One of the most useful features of QMM Active Directory synchronization is the ability to synchronize the password of user objects between Active Directory Domains. While Microsoft’s Forefront Identity Manager (FIM) first needs to capture the user password on the Domain Controller when the user actual changes the password, QMM can transport the password hash directly at any time. While FIM needs to install an agent on every Domain Controller to capture the password changes, QMM places an agent “on the fly” on only one dedicated Domain Controller. This can make a big difference in large Active Directory infrastructures.
However, running a long term “ongoing continous” Active Directory synchronization often shows one or many errors like this (snippet from Migration Manager GUI) and fails to update the password to the actual value:

pwdsync_error

The error is a  bit misleading here. QMM is purely transporting the password hash and therefore cannot measure the length of the user password nor can QMM prove the complexity. That means, we have to deal with a password history problem. Assuming we have the same password policies in source domain and target domain and an ongoing password synchronization, this error may never come up, because the password history policy of the source domain would prevent the user to change the password to a value that is still in the password history store.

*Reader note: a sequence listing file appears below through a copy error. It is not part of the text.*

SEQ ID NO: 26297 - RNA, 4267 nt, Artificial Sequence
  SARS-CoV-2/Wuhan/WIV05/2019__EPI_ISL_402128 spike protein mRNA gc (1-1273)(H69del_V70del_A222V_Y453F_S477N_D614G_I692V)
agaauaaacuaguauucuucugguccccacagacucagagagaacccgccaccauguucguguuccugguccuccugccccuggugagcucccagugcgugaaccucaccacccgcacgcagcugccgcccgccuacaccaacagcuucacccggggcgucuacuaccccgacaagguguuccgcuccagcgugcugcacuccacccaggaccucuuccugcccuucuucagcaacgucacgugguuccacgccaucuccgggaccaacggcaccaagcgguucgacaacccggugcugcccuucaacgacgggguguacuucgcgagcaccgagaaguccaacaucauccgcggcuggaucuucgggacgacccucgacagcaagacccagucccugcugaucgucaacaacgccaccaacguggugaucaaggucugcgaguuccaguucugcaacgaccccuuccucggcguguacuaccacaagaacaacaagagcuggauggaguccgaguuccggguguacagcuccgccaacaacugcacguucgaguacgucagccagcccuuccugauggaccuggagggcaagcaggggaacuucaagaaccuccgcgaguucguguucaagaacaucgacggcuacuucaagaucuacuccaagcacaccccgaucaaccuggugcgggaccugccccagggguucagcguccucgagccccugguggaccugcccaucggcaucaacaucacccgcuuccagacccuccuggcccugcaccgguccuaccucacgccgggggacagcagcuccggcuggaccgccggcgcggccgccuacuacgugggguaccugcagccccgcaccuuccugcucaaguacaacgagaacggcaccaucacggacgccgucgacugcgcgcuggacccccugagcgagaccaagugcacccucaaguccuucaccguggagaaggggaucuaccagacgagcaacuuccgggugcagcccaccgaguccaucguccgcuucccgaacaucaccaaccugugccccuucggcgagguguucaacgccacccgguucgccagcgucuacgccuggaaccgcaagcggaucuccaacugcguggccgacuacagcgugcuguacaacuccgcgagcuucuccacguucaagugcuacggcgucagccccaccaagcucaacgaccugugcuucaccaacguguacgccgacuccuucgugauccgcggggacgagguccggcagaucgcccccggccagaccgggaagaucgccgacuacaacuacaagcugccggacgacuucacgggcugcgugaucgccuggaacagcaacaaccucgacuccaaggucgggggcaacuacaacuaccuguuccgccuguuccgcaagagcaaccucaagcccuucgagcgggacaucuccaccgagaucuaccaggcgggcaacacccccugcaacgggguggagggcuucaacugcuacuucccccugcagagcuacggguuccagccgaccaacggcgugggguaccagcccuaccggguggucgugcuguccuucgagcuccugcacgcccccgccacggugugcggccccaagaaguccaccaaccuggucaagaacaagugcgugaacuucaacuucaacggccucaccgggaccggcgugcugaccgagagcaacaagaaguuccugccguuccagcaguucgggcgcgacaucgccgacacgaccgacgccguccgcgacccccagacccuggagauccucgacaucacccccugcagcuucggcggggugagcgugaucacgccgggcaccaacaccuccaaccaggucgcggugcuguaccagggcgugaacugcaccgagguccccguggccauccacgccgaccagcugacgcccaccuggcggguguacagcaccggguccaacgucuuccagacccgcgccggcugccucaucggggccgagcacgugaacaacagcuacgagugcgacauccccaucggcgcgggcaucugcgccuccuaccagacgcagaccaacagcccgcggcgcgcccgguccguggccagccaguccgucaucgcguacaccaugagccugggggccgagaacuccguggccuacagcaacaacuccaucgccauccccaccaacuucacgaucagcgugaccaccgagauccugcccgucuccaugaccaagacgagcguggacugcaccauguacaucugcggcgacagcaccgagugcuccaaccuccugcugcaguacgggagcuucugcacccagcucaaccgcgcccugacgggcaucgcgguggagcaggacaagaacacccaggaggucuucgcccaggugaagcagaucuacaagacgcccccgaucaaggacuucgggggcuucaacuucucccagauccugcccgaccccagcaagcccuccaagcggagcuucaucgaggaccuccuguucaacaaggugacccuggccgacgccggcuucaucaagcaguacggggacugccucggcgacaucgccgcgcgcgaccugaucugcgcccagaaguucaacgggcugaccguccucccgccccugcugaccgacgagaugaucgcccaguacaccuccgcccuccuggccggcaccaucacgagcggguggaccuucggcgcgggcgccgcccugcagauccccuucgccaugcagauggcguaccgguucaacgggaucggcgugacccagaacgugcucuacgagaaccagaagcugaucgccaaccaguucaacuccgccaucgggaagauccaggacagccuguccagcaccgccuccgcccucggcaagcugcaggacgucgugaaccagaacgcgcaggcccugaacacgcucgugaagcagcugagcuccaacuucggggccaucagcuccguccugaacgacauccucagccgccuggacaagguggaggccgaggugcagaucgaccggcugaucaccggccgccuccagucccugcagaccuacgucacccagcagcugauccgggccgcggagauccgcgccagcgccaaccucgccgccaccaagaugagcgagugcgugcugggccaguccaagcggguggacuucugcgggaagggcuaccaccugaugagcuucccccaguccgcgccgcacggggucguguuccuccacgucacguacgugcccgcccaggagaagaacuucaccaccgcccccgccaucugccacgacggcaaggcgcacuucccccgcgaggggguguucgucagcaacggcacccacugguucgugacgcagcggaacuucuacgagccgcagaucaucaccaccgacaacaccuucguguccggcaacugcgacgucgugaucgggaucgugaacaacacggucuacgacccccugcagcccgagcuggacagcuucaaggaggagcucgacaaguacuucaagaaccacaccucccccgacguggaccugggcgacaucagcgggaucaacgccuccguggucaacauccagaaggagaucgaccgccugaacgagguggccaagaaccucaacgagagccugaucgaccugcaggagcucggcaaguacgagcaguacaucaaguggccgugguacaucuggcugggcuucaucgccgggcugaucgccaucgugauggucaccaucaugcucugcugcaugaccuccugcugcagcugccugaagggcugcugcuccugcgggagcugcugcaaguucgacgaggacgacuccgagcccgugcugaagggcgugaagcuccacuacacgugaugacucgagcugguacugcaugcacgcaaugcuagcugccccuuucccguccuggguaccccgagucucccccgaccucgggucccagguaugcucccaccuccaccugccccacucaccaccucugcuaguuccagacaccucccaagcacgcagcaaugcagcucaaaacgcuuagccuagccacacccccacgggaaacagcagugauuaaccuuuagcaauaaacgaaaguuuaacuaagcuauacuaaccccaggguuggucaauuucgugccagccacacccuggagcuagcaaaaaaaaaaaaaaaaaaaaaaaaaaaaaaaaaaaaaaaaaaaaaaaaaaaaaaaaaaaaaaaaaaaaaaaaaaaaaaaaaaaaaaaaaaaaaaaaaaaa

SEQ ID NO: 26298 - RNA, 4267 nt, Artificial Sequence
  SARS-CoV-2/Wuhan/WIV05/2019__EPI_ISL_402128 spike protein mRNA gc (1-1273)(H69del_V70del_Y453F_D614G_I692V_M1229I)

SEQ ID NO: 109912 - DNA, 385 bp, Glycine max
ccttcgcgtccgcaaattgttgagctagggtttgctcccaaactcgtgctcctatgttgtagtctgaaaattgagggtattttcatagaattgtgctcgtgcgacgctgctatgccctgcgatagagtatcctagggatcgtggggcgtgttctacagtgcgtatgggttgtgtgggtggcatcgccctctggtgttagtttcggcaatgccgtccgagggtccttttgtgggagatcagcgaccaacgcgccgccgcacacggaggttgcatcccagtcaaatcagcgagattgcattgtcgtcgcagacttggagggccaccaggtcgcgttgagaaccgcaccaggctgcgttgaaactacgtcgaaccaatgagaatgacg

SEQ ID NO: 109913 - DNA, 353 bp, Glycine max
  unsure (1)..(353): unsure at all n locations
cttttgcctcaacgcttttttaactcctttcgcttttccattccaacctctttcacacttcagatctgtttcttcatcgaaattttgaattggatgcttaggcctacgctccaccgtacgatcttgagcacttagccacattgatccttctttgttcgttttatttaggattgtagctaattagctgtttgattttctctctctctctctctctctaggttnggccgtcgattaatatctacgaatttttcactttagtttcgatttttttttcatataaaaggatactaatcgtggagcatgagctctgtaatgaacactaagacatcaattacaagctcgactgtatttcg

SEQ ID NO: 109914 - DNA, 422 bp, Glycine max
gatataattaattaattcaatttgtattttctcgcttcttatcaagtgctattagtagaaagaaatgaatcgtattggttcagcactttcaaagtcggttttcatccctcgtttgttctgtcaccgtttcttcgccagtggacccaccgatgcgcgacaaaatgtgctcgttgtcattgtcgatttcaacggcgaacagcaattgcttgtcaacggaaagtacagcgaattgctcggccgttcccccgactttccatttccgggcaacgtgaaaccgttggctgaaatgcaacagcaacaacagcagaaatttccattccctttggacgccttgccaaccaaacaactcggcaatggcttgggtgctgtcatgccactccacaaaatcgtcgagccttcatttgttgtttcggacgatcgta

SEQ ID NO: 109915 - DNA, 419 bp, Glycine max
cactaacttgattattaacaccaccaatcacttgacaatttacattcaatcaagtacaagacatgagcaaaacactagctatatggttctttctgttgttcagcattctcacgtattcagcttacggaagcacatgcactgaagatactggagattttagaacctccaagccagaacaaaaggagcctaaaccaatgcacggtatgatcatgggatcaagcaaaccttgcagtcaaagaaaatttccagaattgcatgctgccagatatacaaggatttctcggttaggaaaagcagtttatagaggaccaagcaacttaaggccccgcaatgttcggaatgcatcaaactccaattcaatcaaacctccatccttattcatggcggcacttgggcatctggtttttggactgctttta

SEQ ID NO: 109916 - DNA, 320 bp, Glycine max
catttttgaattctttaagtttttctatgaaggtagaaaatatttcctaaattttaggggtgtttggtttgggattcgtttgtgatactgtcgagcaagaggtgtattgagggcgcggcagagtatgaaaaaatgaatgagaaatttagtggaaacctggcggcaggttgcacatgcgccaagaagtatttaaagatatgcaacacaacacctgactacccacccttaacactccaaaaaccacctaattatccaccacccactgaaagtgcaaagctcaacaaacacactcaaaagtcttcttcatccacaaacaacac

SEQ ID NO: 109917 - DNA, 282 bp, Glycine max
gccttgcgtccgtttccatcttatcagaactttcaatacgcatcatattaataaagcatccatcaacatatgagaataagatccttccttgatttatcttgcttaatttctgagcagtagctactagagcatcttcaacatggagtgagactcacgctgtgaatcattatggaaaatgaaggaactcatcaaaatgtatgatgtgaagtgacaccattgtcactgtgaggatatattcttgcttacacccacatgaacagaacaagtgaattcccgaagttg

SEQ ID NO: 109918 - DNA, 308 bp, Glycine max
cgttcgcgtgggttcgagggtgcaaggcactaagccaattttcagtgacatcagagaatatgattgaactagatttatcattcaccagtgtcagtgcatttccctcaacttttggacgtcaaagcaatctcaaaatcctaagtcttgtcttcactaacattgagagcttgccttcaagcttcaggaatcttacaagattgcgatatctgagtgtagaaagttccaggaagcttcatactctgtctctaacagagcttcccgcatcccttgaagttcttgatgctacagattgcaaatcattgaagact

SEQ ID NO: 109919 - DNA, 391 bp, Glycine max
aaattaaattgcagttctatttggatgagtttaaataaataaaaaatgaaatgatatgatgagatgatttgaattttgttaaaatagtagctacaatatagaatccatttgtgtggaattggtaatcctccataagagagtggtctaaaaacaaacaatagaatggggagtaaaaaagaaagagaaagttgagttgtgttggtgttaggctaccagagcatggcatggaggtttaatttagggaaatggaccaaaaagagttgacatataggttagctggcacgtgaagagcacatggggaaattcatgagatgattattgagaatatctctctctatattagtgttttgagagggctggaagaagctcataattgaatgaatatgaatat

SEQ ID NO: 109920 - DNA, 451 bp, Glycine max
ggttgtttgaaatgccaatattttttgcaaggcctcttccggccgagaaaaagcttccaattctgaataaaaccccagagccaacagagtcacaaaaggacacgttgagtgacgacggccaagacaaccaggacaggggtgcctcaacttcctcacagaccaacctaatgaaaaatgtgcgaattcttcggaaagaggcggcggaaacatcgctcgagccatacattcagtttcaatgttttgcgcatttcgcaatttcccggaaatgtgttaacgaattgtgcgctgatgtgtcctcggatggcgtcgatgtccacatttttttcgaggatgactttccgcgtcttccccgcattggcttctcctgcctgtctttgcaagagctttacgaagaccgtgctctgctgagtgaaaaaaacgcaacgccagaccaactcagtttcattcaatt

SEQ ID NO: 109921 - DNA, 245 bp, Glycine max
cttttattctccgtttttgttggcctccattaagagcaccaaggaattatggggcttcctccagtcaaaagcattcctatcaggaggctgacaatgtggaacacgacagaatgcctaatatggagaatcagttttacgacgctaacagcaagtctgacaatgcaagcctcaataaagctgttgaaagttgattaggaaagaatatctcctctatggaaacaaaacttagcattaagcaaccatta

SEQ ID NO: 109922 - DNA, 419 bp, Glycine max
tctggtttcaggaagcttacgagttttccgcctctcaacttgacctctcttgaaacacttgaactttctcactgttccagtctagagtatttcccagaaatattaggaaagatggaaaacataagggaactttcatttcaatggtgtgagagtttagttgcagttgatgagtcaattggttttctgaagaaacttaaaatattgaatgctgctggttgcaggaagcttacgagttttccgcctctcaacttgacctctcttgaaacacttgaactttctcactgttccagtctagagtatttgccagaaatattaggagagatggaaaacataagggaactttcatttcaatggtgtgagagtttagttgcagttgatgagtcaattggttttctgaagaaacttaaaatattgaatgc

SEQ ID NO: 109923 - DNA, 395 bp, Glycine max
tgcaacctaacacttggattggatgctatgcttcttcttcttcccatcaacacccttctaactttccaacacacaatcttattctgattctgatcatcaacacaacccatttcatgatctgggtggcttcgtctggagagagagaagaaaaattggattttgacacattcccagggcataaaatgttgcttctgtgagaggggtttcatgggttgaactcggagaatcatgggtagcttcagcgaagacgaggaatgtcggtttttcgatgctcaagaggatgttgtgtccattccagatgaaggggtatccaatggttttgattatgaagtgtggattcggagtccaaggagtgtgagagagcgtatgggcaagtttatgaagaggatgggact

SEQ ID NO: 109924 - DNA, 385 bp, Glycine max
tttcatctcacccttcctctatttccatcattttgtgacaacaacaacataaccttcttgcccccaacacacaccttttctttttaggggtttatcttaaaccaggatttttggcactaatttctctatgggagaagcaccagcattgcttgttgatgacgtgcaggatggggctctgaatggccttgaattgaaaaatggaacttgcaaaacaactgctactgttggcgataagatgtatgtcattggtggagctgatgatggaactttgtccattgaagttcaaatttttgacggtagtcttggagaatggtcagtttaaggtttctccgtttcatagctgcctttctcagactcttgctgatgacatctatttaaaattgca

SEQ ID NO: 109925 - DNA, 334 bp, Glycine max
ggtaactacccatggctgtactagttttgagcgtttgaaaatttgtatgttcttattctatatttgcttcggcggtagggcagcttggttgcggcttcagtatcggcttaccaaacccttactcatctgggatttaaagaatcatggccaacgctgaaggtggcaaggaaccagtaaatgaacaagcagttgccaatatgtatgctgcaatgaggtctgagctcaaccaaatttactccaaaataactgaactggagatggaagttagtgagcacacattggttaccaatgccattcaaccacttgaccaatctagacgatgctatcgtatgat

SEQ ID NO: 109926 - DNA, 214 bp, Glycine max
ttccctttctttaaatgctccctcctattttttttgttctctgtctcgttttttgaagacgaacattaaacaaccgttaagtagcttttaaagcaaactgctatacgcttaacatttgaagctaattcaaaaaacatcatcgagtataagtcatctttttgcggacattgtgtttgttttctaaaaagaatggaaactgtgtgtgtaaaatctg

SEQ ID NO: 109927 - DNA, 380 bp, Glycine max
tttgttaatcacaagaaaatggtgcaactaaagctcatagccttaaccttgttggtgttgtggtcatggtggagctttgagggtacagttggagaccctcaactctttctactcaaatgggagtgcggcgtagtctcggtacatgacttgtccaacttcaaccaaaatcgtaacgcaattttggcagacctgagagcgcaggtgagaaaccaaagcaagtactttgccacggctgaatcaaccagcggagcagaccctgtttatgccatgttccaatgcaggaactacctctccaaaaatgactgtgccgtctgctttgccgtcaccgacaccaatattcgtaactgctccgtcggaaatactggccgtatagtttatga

But there is a second method of changing passwords: The admin reset of passwords. When an admimistrator changes (resets) the password on behalf of a user, he can set the password to a value that is in the password history store. An administrative reset can bypass the password policy. Our investigations showed that several users bypassed the password history policy by calling the help line …
After the administrative reset of the password in source domain, QMM directory synchronization agent (DSA) recognizes a change of the password of the user object and tries to replicate the password hash to the target domain user object. But the DSA has to go “through” the password policy check like a standard user password change which finally results in the password error message above.

You also can find specific error codes in the DSA log file:
05/07/13 08:32:45 (GMT+01:00)     Common AcAdSwitches Error 0xe100004f. Cannot synchronize passwords, source user: “<user name>”, target user: “<user name>” Error 0x8007052d. Unable to update the password. The value provided for the new password does not meet the length, complexity, or history requirements of the domain.

In part 2 of this post, we will show ways to work around the password sync error.